Euthanasia & Social Isolation
When it comes to euthanasia and the social isolation associated with minimizing the spread of disease, it is the elderly that are the most at risk. Based on the data from Health Canada, it was reported that 18.6% of people listed loneliness and isolation as a reason for obtaining an assisted death. Professionals in the field of geriatrics have expressed concern towards elderly residents living in isolation, as some have requested an assisted death, rather than live in isolation or lockdown.
Here is what Alex Schadenberg, the Executive Director of the Euthanasia Prevention Coalition had to say about loneliness and the desire to die, “In my 21 years of experience speaking to people who wish to die or nearing death, I have learned that fear of future suffering (not usually current suffering), loneliness, loss of hope and a sense of abandonment are strongly driving the wish to die. The answer is a caring response, a genuine concern for the person, and an assurance that their life has value”.
How you can help
Rather than only trying to convince people that abortion and euthanasia are wrong, in order to effectively change the way our society thinks, we must lay the foundation that all human life has inherent value. Here are some tips to help you build this foundation:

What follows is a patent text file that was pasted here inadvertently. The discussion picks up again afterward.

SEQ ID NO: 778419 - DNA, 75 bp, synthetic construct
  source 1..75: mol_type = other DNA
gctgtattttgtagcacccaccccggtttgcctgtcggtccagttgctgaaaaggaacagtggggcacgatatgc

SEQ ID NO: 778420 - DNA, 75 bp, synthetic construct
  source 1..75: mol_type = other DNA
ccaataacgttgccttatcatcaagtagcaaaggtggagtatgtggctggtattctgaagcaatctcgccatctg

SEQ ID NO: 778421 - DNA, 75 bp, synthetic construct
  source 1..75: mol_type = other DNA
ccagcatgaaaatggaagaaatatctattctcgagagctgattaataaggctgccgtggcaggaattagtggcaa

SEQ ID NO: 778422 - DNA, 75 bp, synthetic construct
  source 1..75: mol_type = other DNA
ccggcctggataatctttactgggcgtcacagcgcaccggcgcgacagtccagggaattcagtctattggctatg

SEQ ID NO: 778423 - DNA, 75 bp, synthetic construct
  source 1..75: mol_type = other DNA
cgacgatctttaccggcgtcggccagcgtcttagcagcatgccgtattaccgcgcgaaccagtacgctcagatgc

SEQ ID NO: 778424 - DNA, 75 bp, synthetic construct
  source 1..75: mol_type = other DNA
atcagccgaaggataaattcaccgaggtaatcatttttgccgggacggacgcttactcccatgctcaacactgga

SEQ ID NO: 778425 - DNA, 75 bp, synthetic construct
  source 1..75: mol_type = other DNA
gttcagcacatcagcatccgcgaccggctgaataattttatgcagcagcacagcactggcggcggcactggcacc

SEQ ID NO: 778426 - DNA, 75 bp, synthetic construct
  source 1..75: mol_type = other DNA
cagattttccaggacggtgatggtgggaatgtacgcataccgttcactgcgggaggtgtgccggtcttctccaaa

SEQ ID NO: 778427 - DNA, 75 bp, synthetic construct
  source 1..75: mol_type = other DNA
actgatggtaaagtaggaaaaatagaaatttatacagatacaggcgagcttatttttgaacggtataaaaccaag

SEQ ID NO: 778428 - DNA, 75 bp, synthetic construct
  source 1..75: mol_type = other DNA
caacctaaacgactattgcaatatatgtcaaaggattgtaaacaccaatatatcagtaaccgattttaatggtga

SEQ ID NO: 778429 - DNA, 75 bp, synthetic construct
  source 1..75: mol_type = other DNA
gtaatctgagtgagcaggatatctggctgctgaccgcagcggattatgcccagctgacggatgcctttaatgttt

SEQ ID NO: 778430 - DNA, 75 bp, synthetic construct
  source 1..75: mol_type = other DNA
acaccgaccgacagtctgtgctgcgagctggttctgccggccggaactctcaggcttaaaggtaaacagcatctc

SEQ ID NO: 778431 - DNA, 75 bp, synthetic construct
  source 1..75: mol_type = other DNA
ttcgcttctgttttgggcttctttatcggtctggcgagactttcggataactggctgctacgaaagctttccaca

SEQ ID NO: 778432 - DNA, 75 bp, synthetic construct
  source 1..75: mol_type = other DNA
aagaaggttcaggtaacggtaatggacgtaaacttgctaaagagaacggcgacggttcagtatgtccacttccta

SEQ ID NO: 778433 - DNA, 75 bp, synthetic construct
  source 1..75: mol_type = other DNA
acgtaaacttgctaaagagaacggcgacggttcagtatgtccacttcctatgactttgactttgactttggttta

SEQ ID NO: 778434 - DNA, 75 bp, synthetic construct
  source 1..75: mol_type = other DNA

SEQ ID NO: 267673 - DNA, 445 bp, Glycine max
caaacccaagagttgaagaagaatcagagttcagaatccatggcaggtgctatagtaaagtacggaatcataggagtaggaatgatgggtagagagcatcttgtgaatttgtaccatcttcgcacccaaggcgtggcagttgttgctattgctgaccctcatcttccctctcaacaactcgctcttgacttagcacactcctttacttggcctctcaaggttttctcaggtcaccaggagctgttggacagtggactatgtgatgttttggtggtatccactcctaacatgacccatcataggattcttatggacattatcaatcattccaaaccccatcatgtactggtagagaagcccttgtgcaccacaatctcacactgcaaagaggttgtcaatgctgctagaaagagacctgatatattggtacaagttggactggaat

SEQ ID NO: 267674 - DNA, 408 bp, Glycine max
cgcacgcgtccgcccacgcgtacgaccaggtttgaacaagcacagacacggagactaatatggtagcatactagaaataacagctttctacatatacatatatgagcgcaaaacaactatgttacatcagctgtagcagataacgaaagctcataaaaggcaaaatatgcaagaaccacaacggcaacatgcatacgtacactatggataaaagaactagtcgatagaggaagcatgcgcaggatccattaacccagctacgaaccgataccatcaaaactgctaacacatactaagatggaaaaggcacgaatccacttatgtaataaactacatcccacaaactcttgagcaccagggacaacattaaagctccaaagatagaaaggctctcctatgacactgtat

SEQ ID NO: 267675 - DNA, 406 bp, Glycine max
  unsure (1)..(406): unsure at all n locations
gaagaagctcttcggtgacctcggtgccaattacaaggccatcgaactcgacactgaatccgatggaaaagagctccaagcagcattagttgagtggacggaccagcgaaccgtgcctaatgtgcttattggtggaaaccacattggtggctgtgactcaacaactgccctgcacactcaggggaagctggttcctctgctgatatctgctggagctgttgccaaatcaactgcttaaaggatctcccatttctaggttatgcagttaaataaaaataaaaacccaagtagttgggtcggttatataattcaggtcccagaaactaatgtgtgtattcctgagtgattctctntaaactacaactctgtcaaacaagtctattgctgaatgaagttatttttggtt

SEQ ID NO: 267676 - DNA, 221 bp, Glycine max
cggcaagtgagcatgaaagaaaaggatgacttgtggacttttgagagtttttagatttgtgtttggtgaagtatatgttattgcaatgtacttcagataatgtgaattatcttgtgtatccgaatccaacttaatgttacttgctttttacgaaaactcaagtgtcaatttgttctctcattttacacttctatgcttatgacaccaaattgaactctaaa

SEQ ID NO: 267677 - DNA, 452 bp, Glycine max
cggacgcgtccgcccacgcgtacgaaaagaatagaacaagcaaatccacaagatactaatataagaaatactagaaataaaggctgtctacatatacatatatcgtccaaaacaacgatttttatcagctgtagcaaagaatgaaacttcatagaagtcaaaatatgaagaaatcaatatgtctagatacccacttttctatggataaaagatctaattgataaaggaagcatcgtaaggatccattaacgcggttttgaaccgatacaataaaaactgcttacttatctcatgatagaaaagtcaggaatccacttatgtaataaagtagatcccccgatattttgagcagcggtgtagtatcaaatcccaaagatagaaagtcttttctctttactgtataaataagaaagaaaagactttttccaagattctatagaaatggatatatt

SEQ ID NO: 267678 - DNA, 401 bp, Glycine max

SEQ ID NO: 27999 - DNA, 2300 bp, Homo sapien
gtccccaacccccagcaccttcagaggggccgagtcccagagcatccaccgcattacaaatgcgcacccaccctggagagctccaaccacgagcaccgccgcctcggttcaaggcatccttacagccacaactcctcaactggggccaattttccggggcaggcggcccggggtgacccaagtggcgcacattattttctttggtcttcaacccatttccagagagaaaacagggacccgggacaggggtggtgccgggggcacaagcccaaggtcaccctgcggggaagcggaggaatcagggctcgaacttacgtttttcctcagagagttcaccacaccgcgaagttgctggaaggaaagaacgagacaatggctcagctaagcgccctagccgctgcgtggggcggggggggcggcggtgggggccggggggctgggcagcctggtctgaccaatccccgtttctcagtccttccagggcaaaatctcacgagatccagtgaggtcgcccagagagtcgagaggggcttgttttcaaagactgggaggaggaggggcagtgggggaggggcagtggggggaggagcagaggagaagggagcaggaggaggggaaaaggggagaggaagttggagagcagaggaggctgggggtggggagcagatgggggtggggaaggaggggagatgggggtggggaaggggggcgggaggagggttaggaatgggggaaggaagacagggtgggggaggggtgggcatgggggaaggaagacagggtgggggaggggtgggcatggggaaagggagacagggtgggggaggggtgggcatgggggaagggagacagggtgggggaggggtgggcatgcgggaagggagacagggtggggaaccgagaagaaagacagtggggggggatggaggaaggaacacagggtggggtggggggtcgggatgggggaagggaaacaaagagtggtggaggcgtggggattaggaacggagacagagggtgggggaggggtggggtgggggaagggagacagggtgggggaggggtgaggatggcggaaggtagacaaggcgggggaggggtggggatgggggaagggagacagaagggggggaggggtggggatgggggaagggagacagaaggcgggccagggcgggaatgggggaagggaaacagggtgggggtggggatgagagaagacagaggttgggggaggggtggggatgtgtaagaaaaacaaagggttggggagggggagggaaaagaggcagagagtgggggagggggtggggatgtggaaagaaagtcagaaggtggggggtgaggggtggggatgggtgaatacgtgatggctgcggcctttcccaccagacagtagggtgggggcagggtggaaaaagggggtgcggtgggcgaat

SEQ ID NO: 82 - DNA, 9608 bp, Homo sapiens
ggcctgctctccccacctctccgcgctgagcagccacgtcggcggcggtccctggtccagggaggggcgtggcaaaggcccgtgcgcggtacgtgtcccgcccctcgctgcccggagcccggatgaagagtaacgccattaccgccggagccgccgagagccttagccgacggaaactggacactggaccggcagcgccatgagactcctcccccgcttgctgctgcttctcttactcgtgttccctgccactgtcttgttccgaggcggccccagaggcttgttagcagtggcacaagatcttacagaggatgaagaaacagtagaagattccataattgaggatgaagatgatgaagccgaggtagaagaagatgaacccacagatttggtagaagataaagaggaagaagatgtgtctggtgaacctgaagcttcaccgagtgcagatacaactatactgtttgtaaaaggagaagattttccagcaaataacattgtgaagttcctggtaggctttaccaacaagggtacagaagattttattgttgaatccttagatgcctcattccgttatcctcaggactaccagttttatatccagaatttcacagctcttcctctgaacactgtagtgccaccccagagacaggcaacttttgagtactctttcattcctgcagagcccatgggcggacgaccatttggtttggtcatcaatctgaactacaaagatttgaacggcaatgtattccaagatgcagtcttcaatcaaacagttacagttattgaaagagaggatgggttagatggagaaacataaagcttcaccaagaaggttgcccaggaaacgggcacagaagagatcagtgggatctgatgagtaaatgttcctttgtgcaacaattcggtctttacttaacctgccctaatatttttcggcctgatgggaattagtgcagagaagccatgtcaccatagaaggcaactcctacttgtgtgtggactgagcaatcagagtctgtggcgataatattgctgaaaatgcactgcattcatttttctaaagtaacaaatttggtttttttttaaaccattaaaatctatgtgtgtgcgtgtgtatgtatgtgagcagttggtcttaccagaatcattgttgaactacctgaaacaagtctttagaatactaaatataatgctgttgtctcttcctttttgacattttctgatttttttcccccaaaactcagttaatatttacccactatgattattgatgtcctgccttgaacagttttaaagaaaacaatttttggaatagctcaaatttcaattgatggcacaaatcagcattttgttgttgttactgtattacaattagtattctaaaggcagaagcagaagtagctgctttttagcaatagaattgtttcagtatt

1. Do something:
This might seem like a simple tip, but it is important. The only way we will be able to end abortion and euthanasia is if we all work together. It can be something as simple as donating $10 a month to a pro-life organization, participating in pro-life events like 40 Days for Life, or praying for greater respect for human life at all stages.
2. Start local:
In order to promote the value of life on a global scale, we must start with our own community. This might look like teaching your children about the sanctity of life, supporting friends who are expecting a child, or even calling a local retirement home to see if someone would appreciate a phone call. Reaching out to your local church leadership about ways you can support your church community is a great way to support the sanctity of life. This might look like organizing a meal train for a new mom or someone recovering from illness, visiting or calling elderly members of your church who live alone, or starting a pro-life prayer group.
If you are unable to offer your time, consider financially supporting the work of local pro-life organizations such as pregnancy resource centres, right to life groups, and euthanasia prevention groups, who work towards building a culture of life in your community.
3. Stay Informed:
Do you know what the law says about abortion and euthanasia? Do you know why some people opt for euthanasia while those suffering in similar ways choose to live? Do you know how to have grace-filled conversations about abortion and euthanasia with those in your community?
Having a comprehensive understanding of life issues is important when building a foundation on the value of human life. We recommend reading and watching pro-life resources about abortion and euthanasia, talking to those who are part of the pro-life movement, and doing your own research about life issues. For a comprehensive list of resources, we suggest contacting us to visit our lending library.